Mohammed Farji, a trade unionist in Oman, said that the two-year visa ban is hurting many expats. His reaction comes after Oman’s Minister of Manpower has agreed with Shura Council members that the two-year visa ban should stay.
“This law keeps a worker bonded to the company. If a worker has completed his job contract with a company, he should be allowed to join a new company without any hassles,” the trade unionist said, adding that the International Labour Organisation (ILO) is pushing Gulf countries to remove such systems. Also read: Minister of Manpower backs 2-year visa ban in Oman
Mohammed Khaldi, another trade unionist, said that such restrictions should be removed.
“If we want private sector to flourish in these economic conditions, then such restrictive rules should be lifted. Keeping such rules will have an impact on worker productivity,” the trade unionist added.
A marketing official in a private college in Oman said that the requirement of a no-objection certificate and the two-year visa ban is forcing her to stay at work even though work conditions are not good.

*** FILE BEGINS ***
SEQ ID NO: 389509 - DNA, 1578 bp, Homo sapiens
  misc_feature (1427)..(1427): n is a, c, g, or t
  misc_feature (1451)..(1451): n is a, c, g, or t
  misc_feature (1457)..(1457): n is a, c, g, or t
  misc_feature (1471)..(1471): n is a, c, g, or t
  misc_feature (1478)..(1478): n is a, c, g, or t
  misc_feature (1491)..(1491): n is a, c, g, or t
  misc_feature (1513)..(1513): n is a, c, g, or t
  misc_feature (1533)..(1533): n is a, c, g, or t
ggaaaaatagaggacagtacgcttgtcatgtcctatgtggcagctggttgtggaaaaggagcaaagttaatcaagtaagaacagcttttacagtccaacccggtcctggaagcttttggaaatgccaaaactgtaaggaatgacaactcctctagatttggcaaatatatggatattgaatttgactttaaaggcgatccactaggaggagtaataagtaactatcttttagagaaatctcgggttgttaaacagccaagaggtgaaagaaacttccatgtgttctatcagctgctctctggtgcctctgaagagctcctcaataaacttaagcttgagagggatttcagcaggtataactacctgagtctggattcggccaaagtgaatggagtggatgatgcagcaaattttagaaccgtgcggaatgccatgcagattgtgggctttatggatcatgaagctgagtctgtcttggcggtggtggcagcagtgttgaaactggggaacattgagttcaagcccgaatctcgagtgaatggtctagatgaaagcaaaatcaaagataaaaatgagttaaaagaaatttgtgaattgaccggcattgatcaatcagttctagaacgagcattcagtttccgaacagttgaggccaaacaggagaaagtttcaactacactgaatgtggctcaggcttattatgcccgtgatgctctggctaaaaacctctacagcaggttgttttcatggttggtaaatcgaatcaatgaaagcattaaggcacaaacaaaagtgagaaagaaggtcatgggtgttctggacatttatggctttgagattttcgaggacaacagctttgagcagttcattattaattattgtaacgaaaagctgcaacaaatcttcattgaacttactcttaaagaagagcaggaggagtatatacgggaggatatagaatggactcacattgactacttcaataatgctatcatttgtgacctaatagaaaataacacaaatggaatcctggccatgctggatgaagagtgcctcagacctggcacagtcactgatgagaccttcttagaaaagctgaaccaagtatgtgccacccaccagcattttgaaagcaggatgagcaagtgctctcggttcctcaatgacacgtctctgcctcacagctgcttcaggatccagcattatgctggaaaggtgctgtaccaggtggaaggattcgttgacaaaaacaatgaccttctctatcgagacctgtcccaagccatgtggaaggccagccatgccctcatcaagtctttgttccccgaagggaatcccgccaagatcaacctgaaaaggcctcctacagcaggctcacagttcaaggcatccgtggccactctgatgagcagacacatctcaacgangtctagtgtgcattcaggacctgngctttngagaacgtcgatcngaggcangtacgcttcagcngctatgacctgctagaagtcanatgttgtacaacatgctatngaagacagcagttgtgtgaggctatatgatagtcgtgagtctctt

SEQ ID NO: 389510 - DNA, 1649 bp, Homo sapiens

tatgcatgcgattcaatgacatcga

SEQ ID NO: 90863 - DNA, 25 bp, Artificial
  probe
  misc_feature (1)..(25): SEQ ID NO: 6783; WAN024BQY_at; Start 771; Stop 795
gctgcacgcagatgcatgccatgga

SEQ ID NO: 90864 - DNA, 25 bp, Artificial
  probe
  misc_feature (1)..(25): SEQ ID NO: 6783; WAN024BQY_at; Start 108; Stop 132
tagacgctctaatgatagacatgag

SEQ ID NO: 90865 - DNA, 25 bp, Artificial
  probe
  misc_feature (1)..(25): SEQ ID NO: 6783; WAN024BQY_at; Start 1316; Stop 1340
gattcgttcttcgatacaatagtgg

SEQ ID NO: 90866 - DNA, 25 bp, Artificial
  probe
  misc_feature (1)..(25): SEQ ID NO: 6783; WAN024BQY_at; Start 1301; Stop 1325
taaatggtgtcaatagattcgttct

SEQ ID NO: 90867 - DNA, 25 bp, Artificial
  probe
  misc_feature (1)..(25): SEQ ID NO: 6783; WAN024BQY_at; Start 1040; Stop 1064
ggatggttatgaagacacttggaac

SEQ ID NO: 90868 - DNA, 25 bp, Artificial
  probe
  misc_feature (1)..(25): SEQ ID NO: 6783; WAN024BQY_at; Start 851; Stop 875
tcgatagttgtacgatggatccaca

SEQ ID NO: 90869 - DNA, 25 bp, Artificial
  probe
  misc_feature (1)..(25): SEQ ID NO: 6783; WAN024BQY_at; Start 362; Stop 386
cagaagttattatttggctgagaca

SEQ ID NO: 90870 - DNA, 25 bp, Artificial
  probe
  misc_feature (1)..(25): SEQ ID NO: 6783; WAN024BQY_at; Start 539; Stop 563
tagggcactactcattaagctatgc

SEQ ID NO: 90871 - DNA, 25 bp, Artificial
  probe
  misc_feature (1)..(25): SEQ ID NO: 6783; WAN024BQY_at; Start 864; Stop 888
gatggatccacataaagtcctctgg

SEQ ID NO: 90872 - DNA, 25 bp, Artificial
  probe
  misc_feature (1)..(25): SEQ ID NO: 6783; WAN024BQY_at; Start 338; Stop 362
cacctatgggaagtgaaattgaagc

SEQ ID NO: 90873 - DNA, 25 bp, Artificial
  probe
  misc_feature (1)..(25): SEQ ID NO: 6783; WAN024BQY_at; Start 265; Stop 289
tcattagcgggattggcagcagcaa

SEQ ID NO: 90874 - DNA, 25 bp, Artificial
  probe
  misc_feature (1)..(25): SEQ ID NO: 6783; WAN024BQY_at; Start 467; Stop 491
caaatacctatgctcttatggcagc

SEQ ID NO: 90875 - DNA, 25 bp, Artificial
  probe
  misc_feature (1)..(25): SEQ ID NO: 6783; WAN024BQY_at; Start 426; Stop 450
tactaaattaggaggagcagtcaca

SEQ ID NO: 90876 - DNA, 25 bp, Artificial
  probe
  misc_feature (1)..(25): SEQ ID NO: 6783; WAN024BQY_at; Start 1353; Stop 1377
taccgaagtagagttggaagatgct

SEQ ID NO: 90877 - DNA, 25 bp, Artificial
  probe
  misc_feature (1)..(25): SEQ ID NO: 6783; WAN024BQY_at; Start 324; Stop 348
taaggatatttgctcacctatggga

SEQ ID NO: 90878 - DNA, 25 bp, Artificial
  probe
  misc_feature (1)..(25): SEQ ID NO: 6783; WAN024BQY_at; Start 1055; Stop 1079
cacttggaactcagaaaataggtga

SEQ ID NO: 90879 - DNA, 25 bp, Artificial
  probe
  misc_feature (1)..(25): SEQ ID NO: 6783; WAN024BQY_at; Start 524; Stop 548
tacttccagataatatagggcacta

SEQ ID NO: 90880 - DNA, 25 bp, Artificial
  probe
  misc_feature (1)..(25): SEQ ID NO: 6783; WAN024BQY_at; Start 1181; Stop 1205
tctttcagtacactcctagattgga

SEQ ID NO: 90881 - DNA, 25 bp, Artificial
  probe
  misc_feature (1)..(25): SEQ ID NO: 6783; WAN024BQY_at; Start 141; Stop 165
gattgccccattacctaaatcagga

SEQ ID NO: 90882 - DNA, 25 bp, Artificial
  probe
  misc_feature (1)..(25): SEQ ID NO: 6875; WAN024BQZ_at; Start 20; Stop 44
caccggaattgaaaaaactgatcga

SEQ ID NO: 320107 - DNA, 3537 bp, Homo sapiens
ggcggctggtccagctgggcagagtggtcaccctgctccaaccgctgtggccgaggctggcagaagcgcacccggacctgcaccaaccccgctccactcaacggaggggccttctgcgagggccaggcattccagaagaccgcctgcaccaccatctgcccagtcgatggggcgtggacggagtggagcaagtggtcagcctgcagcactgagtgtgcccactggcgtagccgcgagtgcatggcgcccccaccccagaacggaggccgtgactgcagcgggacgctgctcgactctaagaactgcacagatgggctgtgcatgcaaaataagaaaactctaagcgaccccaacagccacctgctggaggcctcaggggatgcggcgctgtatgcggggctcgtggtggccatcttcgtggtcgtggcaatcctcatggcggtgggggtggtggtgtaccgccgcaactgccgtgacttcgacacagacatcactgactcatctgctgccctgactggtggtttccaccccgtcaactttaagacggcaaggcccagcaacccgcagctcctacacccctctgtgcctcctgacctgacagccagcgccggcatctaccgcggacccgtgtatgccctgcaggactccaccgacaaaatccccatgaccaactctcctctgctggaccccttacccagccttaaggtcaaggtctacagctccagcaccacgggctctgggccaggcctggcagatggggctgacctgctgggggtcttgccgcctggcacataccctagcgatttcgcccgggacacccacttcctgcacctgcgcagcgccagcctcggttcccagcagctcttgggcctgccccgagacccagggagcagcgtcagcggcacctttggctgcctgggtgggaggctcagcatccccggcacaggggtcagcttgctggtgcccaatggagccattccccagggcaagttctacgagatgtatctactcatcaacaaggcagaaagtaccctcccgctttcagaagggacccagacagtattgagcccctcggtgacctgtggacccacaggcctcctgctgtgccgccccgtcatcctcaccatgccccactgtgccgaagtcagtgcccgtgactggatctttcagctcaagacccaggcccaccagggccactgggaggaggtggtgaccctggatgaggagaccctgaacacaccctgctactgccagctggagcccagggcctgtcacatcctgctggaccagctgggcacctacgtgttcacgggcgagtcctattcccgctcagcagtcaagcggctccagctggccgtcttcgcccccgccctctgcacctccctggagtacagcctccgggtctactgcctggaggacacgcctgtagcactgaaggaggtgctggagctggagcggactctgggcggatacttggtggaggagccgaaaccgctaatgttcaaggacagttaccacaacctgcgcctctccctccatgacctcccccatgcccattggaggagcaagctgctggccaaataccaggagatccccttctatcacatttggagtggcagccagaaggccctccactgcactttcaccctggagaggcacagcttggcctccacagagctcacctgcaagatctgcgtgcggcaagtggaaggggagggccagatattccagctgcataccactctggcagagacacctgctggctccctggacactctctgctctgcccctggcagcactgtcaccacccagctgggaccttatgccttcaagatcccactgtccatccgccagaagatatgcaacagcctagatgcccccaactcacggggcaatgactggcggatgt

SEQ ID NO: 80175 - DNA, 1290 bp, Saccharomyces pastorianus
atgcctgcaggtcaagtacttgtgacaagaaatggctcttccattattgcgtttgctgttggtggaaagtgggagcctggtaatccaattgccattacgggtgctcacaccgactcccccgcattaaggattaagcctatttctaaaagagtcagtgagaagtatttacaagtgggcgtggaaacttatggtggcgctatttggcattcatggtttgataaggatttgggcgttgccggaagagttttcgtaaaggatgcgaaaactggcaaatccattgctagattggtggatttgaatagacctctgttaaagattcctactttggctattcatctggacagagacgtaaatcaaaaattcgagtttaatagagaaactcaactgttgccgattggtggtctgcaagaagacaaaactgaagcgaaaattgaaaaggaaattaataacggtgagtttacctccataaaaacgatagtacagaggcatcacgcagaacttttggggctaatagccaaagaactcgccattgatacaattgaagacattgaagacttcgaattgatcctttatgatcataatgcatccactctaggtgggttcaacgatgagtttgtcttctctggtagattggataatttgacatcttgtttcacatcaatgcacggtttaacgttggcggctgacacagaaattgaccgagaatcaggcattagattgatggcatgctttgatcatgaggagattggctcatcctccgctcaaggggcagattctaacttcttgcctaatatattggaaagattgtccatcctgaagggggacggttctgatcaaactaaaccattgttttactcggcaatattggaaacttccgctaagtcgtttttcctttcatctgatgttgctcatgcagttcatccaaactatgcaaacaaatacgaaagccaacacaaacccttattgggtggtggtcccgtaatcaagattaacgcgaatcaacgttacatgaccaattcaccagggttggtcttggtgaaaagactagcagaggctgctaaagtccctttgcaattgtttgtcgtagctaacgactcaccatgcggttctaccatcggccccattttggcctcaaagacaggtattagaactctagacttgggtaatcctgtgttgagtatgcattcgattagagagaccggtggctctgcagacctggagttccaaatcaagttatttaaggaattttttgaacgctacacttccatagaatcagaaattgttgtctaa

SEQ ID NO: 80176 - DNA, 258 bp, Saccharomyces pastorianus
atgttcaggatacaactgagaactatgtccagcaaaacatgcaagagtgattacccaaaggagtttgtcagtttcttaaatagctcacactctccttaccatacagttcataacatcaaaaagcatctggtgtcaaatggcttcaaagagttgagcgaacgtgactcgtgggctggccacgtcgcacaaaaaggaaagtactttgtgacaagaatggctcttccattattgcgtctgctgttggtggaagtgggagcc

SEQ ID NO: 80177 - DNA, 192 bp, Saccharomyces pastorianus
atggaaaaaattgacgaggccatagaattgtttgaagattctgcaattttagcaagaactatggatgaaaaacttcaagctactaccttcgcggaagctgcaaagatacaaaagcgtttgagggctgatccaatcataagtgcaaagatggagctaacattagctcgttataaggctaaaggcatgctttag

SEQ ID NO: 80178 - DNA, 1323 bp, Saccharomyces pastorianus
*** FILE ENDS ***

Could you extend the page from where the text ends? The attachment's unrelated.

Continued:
“I wanted to move to other institutions. Even though I had completed my job contract, I was denied the NOC. Without a NOC, I will face a two year visa ban. I will try to adjust, but if not, I will leave Oman for good soon,”the marketing official said.
In November, Ahmed Al Hooti, a member of Oman Chamber of Commerce and Industry, said that the NOC should stay but with certain clauses. “If we scrap it totally, workers will jump from one company to another, posing a threat to his previous company. He can even start a business and become a threat to his previous employers. So, NOC should stay,” the OCCI member said.
“However, if somebody has put forward a genuine reason to move to a new firm, after completing his two-year job contract, he should be given the NOC. He should not be held back and placed in trouble,” the OCCI member added.